Vietnam in the Post-World War II Era

In a serendipitous convergence of historical circumstances, the three countries that ultimately had such a profound and largely negative impact on Vietnam and its people China, France, and the U.S. found themselves in Vietnam at the end of World War II, competing for influence, each attempting to determine the fate of this geopolitical pawn and to jockey for regional influence. For China, this was an opportunity to reclaim a politically and economically important area.For France,it was a time to consolidate its power after World War II and settle in for the long term. The U.S. was at a crossroads, with the option of supporting the fledging state. Instead, because of the Cold War politics of the day, the U.S. chose to support France as a foreign occupier in Vietnam.
 On September 2, 1945, before a crowd of half a million people in Hanoi’s Ba Dinh square, Ho Chi Minh proclaimed Vietnam’s independence from France,* invoking the words of the U.S. Declaration of Independence with one minor modification: “All people are created equal.They are endowed by their creator with certain inalienable rights; among these are life,liberty,and the pursuit of happiness.”Among those in atten-dance were military officers from the Office of Strategic Services (OSS),the forerunner to the Central Intelligence Agency, which had provided support during and immediately after the war to Viet Minh forces—the Vietnamese guerrillas who were fighting the French in “hit-and-run” fashion.
    President Ho Chi Minh declared independence in Ba Dinh Square (02/09/1945)

Ho’s use of the word people is notable in a Confucian society in which women were essentially property, belonging first to their fathers, then to their husbands, and, upon their husband’s death, to their eldest sons. As Lady Borton wrote in an essay entitled “The One-Word Revolution:

*The surrounding context of this declaration and related events was the French and, for a shorter period of time, Japanese legacy of famine, poverty, illiteracy, and oppression. The famine of 1945,which resulted in the deaths of two million Vietnamese,was caused not by a shortage of rice but by the fact that so much of it had been exported to Japan during the war. Those who are old enough to remember speak of starving people and corpses lying in the streets of Hanoi. (Vietnam is now one of the world’s leading rice-exporting countries.) 
Ho Chi Minh and the U.S.‘Declaration of Independence,’” “By changing one word in his translation, Ho subtly but definitively announced to his own people and to the world a second revolution: Ho Chi Minh also declared independence for Vietnamese women” (
  Ironically, Ho and his fellow revolutionaries also found inspiration in the French Revolution, which they had studied in school, and its promise of freedom, brotherhood, and equality. As in other colonial or neocolonial regimes, they learned from the ideals espoused by the mother country, if not the policies and practices of its government.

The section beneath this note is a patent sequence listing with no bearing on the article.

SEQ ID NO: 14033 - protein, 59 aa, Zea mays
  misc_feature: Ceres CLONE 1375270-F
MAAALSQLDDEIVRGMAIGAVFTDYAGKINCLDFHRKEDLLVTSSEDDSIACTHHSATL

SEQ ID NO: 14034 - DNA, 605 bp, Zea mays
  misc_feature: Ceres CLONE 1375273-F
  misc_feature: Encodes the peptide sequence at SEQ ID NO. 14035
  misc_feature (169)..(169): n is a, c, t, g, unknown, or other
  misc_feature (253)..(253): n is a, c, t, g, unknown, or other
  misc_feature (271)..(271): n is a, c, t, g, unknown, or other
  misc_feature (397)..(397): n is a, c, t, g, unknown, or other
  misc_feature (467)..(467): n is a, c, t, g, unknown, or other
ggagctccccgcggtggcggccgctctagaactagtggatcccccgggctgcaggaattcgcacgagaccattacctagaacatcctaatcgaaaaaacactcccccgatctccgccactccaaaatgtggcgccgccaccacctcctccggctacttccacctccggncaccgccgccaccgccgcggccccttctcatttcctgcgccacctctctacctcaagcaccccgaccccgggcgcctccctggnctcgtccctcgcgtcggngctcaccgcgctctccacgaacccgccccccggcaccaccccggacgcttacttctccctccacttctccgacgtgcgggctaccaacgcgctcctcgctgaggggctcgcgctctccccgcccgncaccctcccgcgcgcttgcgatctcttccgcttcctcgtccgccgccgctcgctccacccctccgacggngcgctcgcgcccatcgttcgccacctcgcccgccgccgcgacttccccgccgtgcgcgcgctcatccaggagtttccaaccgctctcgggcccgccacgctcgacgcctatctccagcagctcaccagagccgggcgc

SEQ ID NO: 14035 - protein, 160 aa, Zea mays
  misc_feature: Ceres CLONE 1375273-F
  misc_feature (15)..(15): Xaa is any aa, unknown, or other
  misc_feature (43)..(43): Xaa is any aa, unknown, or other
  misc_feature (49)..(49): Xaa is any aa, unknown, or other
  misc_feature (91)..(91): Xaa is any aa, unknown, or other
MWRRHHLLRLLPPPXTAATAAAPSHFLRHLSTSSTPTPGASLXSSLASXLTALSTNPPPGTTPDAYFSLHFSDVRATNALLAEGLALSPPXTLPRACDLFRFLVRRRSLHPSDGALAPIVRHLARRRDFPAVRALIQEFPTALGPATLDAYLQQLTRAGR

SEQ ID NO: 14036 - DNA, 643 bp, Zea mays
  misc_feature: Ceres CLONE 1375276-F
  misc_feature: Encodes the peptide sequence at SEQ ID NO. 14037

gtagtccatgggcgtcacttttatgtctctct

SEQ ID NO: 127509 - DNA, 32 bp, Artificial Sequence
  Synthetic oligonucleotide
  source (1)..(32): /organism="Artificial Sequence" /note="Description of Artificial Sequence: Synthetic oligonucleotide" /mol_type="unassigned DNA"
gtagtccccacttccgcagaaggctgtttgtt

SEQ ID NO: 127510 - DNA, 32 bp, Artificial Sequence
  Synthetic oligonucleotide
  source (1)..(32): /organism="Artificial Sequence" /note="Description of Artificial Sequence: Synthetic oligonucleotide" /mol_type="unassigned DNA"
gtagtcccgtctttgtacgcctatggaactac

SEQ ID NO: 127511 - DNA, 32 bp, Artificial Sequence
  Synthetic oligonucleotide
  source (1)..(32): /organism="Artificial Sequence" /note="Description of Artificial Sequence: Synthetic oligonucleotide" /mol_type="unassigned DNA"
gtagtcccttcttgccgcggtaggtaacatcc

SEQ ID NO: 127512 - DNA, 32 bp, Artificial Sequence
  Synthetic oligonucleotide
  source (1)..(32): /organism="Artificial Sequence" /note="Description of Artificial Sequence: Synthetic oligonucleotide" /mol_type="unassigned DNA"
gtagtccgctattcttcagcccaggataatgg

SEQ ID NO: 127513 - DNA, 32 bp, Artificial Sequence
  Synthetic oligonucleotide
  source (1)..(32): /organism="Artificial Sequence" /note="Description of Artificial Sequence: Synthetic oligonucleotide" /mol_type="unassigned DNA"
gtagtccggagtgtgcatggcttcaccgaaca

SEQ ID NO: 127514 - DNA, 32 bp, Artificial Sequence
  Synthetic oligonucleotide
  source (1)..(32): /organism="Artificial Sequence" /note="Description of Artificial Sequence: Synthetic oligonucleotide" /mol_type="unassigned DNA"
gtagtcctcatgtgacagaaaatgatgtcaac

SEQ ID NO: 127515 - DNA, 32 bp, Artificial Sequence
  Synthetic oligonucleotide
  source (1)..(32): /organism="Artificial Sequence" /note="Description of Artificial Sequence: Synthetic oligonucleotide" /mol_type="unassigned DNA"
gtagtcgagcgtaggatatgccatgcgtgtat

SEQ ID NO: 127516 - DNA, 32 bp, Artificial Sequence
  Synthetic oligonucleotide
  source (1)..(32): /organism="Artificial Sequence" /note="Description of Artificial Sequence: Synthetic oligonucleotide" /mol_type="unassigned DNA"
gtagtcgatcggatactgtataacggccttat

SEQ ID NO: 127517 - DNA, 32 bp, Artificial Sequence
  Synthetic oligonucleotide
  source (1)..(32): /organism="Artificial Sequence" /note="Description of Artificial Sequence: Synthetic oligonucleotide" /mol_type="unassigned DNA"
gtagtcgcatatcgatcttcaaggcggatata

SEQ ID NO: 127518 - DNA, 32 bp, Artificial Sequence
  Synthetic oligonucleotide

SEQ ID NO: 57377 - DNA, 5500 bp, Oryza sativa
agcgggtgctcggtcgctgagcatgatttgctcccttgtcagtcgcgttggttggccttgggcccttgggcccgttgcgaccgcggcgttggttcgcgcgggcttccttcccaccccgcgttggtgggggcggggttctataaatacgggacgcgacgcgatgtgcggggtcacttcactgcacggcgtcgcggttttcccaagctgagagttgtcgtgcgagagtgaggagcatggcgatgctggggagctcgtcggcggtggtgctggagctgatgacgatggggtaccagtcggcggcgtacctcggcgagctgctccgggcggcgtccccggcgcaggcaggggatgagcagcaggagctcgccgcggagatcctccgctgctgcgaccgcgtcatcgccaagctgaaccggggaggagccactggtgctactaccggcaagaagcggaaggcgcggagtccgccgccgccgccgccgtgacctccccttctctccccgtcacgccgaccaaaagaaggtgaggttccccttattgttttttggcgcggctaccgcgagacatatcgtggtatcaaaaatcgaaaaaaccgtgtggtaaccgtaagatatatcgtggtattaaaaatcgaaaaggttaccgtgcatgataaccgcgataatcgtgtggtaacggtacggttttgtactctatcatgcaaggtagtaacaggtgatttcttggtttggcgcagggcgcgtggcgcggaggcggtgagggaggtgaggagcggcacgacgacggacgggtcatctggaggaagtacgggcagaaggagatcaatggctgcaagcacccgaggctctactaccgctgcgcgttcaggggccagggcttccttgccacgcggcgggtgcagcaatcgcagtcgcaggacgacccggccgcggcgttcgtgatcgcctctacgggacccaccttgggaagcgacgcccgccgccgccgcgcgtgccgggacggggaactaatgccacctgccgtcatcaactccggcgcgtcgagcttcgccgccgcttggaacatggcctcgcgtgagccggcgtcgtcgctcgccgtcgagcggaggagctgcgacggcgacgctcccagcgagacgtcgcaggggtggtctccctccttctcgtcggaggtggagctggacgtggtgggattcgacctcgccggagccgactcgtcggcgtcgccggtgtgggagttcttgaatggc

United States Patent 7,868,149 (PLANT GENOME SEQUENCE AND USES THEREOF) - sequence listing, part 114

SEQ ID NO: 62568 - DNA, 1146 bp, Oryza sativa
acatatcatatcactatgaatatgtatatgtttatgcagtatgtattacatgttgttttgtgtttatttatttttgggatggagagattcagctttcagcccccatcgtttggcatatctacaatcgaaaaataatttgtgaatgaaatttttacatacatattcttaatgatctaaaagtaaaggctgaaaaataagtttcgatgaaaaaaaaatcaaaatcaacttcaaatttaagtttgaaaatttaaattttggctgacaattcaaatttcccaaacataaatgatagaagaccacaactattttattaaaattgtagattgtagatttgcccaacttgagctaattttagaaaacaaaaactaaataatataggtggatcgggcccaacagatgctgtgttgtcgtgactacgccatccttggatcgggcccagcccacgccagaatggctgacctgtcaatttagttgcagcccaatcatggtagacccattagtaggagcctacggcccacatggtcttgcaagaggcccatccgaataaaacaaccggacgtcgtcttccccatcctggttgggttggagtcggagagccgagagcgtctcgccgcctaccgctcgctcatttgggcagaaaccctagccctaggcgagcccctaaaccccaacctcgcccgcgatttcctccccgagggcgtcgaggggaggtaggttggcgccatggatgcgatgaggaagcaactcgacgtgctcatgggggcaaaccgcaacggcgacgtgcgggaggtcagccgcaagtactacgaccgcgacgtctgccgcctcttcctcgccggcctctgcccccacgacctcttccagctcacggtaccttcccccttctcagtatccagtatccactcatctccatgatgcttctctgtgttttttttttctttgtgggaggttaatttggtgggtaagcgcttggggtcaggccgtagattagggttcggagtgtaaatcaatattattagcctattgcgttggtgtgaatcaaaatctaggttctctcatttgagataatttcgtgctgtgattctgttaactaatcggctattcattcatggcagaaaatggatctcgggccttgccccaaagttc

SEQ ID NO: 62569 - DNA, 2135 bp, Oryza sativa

Ho Chi Minh, that same day, also asserted Vietnam’s right to enjoy freedom and independence: “The entire Vietnamese people are determined to mobilize all their physical and mental strength, to sacrifice their lives and property in order to safeguard their freedom and indepen-dence”(Duiker 2000, 323). The years that followed—and two more wars, ending with the unification of Vietnam in April 1975 proved him right.
After the president of the new Democratic Republic of Vietnam concluded his remarks,the legendary General Giap,then minister of the interior and commander in-chief of the army, and widely viewed as one of the greatest military strategists in world history, delivered a speech in which he praised the U.S. for its contributions to “the Vietnamese fight against fascist Japan, our enemy, and so the great American Republic is a good friend of ours”(Jamieson 1995, 196). 
  Quotes attributed to Ho Chi Minh and General Vo Nguyen Giap in the years leading up to the crushing French defeat at Dien Bien Phu in 1954, which concluded the First Indochina War, affirm Vietnam’s long term commitment to ridding the country of foreign invaders. Ho omi nously warned the French,“You can kill ten of my men for every one I kill of yours, yet even at those odds, you will lose and I will win.” Similarly,General Giap spoke of fighting “ten, fifteen, twenty, fifty years, regardless of cost, until final victory” (Karnow 1983, 18). What U.S. and other military leaders later viewed as insanity was simply a protracted defense of the homeland and a commitment to winning at all costs. And, just as the French had vastly underestimated the fighting prowess and tenacity of their Vietnamese opponents, so U.S. policymakers, ignoring their own intelligence, would later write off Ho Chi Minh, though an avowed Communist, as simply a Soviet pawn and “North Vietnam”as a satellite state.
  In July 1954, the Geneva Accords ended the First Indochina War in Vietnam, Laos, and Cambodia. Under the terms of the agreement, the country was to be temporarily divided into two zones at the 17th parallel until free elections could be held two years later. In 1955, however, the president of South Vietnam, Ngo Diem, convinced that Ho Chi Minh would win the elections, rejected this attempt to unite the country. This was the beginning of direct U.S. involvement in Vietnam.

Share your views...

0 Respones to "Vietnam in the Post-World War II Era"

Post a Comment


© 2010 Travel in Vietnam|Vietnamese Food and Cooking|Customs and Festival All Rights Reserved Thesis WordPress Theme Converted into Blogger Template by Hack